Publications, Contact, Resources and Notes






  1. International Chamber of Commerce What is ICC? Accessed 21st May 2009
  2. International Chamber of Commerce What is ICC? Accessed 21st May 2009
  3. International Chamber of Commerce What is ICC? Accessed 21st May 2009
  4. International Chamber of Commerce What is ICC? Accessed 21st May 2009
  5. International Chamber of Commerce What is ICC? Accessed 21st May 2009
  6. International Chamber of Commerce What is ICC? Accessed 21st May 2009
  7. International Chamber of Commerce United Kingdon Annual Report 2006 Accessed 21st May 2009
  8. International Chamber of Commerce What is ICC? Accessed 21st May 2009
  9. International Chamber of Comemrce World Chambers Federation Accessed 21st May 2009
  10. International Chamber of Commerce Institute of World Business Law Accessed 21st May 2009
  11. International Chamber of Commerce What is ICC? Accessed 21st May 2009
  12. United States Council for International Business USCIB at a glance Accessed 5th June 09
  13. U.S. Council for International Business List of USCIB Members Accessed 10th June 2009
  14. Jupiter, T. (2002) Smoke screen: Bringing corporations to book The Guardian. 31st July 2002. Accessed 15th April 2009
  15. International Chamber of Commerce About the ICC Accessed 15th April 2009
  16. Jupiter, T. (2002) Smoke screen: Bringing corporations to book The Guardian. 31st July 2002. Accessed 15th April 2009
  17. Corporate Europe Observer (2000) ICC steps up counter-campaign against critics of corporate-led globalisation. Issue 7. October 2000. Accessed 28th May 2009.
  18. Jupiter, T. (2002) Smoke screen: Bringing corporations to book The Guardian. 31st July 2002. Accessed 15th April 2009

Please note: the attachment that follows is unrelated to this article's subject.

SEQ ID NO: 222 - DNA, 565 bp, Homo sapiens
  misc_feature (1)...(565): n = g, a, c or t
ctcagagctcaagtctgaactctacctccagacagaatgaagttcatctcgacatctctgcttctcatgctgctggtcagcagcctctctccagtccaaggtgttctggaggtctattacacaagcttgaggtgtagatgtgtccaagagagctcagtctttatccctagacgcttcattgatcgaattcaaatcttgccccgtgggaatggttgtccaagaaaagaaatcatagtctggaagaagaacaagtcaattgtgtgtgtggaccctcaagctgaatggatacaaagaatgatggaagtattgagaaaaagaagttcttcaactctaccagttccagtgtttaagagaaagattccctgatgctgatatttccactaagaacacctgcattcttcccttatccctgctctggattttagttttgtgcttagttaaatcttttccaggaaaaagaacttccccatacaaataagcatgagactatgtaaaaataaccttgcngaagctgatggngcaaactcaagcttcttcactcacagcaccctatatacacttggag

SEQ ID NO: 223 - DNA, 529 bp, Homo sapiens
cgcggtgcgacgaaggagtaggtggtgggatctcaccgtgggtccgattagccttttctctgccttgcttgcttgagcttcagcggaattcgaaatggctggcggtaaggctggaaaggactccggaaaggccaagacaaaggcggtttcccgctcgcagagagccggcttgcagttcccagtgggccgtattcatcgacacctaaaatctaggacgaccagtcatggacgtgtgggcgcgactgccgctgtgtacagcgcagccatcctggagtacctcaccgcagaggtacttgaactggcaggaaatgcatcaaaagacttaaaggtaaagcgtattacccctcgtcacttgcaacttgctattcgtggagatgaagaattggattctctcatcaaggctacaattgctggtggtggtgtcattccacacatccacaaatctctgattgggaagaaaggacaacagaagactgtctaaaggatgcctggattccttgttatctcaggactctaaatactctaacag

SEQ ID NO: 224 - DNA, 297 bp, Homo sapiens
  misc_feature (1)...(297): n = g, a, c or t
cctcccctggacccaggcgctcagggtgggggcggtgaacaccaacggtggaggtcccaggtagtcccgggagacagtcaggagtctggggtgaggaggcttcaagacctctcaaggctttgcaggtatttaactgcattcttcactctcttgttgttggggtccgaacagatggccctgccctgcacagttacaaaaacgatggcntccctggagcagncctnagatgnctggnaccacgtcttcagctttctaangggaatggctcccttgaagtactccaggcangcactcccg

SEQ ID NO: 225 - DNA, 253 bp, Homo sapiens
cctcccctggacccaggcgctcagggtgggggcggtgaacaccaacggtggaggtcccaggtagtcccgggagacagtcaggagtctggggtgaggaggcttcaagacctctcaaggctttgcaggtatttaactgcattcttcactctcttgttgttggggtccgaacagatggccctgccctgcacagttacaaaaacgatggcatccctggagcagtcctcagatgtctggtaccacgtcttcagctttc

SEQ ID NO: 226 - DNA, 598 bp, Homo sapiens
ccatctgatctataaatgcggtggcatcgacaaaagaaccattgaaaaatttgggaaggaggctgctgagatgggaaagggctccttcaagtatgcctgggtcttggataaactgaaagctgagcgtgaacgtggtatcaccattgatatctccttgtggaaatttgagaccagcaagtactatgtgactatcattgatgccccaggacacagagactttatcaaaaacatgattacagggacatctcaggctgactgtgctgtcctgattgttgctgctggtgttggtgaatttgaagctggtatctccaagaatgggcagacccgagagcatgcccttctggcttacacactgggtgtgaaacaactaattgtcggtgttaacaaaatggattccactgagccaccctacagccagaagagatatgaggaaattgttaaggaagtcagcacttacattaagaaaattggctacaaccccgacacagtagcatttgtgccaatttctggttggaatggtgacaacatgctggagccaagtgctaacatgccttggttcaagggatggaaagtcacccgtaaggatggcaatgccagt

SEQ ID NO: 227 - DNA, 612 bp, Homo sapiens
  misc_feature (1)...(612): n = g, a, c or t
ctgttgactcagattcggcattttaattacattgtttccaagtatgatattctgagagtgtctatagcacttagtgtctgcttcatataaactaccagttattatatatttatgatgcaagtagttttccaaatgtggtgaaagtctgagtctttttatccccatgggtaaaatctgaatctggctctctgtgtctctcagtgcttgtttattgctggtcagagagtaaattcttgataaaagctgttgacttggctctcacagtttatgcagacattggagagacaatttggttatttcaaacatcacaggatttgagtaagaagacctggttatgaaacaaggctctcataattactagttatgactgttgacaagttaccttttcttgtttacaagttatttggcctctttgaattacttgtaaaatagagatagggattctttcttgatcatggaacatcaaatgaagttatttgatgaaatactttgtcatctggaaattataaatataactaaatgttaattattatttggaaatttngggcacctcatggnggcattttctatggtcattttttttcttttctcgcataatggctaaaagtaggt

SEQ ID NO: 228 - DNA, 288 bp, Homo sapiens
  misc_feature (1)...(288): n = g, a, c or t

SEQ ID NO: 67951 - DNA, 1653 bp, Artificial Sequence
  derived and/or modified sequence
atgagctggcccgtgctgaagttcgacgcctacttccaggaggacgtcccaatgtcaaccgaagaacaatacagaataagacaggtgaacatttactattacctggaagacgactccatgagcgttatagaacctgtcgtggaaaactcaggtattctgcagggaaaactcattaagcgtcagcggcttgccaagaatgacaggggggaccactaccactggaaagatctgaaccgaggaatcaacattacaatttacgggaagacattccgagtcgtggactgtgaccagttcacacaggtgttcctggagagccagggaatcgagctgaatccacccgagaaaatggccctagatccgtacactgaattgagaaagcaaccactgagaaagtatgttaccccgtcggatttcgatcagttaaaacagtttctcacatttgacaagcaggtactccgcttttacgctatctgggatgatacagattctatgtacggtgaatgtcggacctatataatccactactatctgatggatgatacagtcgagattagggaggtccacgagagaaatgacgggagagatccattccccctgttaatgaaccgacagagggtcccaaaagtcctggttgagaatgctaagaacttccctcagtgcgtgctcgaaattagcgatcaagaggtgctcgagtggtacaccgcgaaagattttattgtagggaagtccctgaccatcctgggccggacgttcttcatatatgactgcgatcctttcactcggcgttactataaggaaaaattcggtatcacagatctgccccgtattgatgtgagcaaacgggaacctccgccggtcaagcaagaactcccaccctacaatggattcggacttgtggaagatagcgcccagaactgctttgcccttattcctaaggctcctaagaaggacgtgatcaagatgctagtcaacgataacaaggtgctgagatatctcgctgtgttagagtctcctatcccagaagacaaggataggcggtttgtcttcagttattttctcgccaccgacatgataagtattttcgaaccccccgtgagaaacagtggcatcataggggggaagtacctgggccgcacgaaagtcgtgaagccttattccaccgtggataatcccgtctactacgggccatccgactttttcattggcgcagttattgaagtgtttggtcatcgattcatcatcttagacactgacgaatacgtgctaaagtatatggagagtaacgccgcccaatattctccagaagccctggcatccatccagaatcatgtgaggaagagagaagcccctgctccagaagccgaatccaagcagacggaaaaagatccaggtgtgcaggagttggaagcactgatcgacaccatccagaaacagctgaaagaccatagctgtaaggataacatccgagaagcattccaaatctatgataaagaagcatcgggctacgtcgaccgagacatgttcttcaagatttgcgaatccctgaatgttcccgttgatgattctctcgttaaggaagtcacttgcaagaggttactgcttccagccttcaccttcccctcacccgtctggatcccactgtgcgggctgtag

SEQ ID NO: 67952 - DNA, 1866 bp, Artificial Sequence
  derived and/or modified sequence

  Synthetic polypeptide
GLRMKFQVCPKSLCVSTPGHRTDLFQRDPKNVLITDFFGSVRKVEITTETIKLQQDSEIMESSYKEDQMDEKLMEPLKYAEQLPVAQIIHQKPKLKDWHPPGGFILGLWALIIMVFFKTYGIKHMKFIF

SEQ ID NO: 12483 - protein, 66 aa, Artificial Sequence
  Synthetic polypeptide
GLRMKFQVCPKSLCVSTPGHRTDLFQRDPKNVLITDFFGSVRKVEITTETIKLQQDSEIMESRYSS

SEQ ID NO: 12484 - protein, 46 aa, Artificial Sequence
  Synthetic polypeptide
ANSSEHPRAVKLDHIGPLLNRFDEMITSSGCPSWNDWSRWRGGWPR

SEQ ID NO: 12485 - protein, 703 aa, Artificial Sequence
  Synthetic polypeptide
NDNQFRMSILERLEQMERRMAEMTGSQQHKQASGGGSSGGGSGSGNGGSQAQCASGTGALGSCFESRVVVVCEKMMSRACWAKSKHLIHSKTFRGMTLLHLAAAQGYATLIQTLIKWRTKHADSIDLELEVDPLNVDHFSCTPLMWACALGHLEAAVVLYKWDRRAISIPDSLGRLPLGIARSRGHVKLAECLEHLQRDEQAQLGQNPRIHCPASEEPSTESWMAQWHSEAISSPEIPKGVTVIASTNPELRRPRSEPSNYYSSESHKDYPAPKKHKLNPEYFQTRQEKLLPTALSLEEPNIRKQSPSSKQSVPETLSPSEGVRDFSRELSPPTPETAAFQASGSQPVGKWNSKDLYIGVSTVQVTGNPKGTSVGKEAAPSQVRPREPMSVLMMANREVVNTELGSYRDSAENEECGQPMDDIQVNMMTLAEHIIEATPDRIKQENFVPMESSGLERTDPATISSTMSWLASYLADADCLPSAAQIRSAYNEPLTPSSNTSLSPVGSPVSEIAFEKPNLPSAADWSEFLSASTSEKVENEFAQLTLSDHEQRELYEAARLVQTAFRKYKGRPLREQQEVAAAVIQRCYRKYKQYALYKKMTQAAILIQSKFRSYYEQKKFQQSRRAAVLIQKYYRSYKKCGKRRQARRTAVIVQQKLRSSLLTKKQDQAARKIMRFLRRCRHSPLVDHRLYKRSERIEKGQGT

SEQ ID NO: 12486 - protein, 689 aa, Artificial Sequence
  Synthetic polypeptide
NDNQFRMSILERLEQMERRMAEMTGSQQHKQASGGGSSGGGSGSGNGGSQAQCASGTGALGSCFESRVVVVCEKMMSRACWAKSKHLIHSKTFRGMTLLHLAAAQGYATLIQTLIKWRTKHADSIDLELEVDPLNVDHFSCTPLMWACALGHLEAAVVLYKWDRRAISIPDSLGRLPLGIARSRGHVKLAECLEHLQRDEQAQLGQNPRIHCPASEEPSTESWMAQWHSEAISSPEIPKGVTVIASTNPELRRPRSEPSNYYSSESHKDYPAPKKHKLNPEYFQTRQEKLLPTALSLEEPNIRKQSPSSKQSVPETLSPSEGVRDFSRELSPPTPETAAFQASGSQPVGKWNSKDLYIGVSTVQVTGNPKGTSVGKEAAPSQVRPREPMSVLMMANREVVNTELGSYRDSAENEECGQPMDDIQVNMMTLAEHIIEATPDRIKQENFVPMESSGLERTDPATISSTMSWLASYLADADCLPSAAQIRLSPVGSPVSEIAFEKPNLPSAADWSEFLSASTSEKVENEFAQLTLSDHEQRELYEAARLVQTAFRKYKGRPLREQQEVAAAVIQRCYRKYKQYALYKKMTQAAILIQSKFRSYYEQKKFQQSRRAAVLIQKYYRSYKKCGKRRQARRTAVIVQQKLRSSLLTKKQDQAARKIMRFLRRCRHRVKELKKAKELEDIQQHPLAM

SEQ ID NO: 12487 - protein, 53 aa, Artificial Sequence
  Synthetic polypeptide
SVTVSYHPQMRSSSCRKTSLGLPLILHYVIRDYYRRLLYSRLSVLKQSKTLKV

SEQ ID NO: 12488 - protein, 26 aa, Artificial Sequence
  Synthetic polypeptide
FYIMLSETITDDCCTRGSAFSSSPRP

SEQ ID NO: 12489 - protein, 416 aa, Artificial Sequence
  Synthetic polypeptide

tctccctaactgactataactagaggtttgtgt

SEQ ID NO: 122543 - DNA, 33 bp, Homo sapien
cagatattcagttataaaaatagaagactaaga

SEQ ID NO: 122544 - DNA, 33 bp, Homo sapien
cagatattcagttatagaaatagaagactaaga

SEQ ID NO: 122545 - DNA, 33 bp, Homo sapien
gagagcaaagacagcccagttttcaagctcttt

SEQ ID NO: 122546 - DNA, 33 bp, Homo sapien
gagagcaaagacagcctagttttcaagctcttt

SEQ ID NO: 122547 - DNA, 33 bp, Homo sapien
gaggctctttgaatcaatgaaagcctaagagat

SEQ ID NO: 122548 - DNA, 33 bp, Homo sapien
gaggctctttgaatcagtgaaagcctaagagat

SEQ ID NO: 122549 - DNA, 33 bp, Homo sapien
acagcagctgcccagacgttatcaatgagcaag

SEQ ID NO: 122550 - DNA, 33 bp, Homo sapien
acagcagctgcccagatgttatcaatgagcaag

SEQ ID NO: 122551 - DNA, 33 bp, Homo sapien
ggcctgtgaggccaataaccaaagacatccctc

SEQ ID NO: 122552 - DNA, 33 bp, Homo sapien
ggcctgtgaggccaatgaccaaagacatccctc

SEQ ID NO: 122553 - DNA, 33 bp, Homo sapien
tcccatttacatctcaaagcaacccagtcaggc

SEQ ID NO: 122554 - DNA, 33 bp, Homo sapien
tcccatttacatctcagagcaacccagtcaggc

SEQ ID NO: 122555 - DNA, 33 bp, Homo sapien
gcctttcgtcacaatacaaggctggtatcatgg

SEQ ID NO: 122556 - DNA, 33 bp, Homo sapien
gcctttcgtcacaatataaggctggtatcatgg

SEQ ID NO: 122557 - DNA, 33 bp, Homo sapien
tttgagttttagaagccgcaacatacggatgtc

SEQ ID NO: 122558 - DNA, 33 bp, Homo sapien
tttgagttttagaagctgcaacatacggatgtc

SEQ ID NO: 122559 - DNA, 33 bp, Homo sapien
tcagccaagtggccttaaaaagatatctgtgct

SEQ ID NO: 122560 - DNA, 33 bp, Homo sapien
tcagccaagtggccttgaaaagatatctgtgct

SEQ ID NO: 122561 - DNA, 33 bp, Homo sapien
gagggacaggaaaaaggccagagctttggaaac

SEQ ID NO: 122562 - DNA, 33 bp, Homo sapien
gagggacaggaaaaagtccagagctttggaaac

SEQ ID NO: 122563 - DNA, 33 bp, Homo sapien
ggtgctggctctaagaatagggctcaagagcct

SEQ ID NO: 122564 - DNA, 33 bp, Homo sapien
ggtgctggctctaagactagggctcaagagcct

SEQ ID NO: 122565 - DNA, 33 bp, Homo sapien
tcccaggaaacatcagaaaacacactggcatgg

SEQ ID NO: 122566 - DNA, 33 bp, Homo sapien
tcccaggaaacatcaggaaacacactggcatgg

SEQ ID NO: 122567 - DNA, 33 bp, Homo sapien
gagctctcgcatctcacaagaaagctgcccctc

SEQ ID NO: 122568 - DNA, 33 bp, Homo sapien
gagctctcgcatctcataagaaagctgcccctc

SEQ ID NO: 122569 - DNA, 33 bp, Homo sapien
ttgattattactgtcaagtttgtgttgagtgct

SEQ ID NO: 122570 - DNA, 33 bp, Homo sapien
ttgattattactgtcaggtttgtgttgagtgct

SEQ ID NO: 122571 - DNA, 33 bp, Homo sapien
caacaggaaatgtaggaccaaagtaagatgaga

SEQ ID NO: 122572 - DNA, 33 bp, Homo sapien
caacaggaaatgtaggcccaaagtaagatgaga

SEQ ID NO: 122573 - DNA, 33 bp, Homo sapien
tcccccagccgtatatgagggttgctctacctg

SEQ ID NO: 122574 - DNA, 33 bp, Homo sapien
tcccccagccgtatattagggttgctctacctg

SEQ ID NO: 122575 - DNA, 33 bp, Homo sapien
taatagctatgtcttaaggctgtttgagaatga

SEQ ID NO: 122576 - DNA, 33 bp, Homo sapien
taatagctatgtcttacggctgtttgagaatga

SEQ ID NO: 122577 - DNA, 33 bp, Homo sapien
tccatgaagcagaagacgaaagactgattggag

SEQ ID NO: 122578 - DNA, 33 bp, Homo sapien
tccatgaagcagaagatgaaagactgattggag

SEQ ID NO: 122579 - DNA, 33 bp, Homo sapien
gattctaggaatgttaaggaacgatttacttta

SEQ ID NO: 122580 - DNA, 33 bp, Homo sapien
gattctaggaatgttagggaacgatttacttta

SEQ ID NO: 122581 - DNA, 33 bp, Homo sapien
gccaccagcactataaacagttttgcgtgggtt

19. Benner, T. (2005) ( The UN can help business help itself New York Times. August 18th 2005. Accessed 28th May 2009
  20. United Nations (2005) World Social Situation United Nations Publication 2005
  21. United Nations (2005) Human Development Report. United Nations Publications 2005
  22. United Nations (2005) Human Development Report. United Nations Publications 2005
  23. Benner, T. (2005) ( The UN can help business help itself New York Times. August 18th 2005. Accessed 28th May 2009
  24. United Nations Environment Programme UNEP and ICC Sponsor Millennium Business Awards for Environmental performance 5th May 2000. Accessed 28th May 2009
  25. United Nations Environment Programme UNEP and ICC Sponsor Millennium Business Awards for Environmental performance 5th May 2000. Accessed 28th May 2009
  26. Stop the Wall Organisation The Pension Fund: involvement in violations of Human Rights and International Humanitarian Law in Palestine 2009 Briefing. Accessed 28th May 2009
  27. International Court of Justice (2004) Legal Consequences of the Construction of a Wall in the Occupied Palestinian Territory 9th July 2004. Accessed 10th June 2009
  28. United Nations Environment Programme UNEP and ICC Sponsor Millennium Business Awards for Environmental performance 5th May 2000. Accessed 28th May 2009
  29. Corporate Europe Observer (2000) ICC steps up counter-campaign against critics of corporate-led globalisation. Issue 7. October 2000. Accessed 28th May 2009.
  30. International Chamber of Commerce Links to ICC Members Accessed 21st May 2009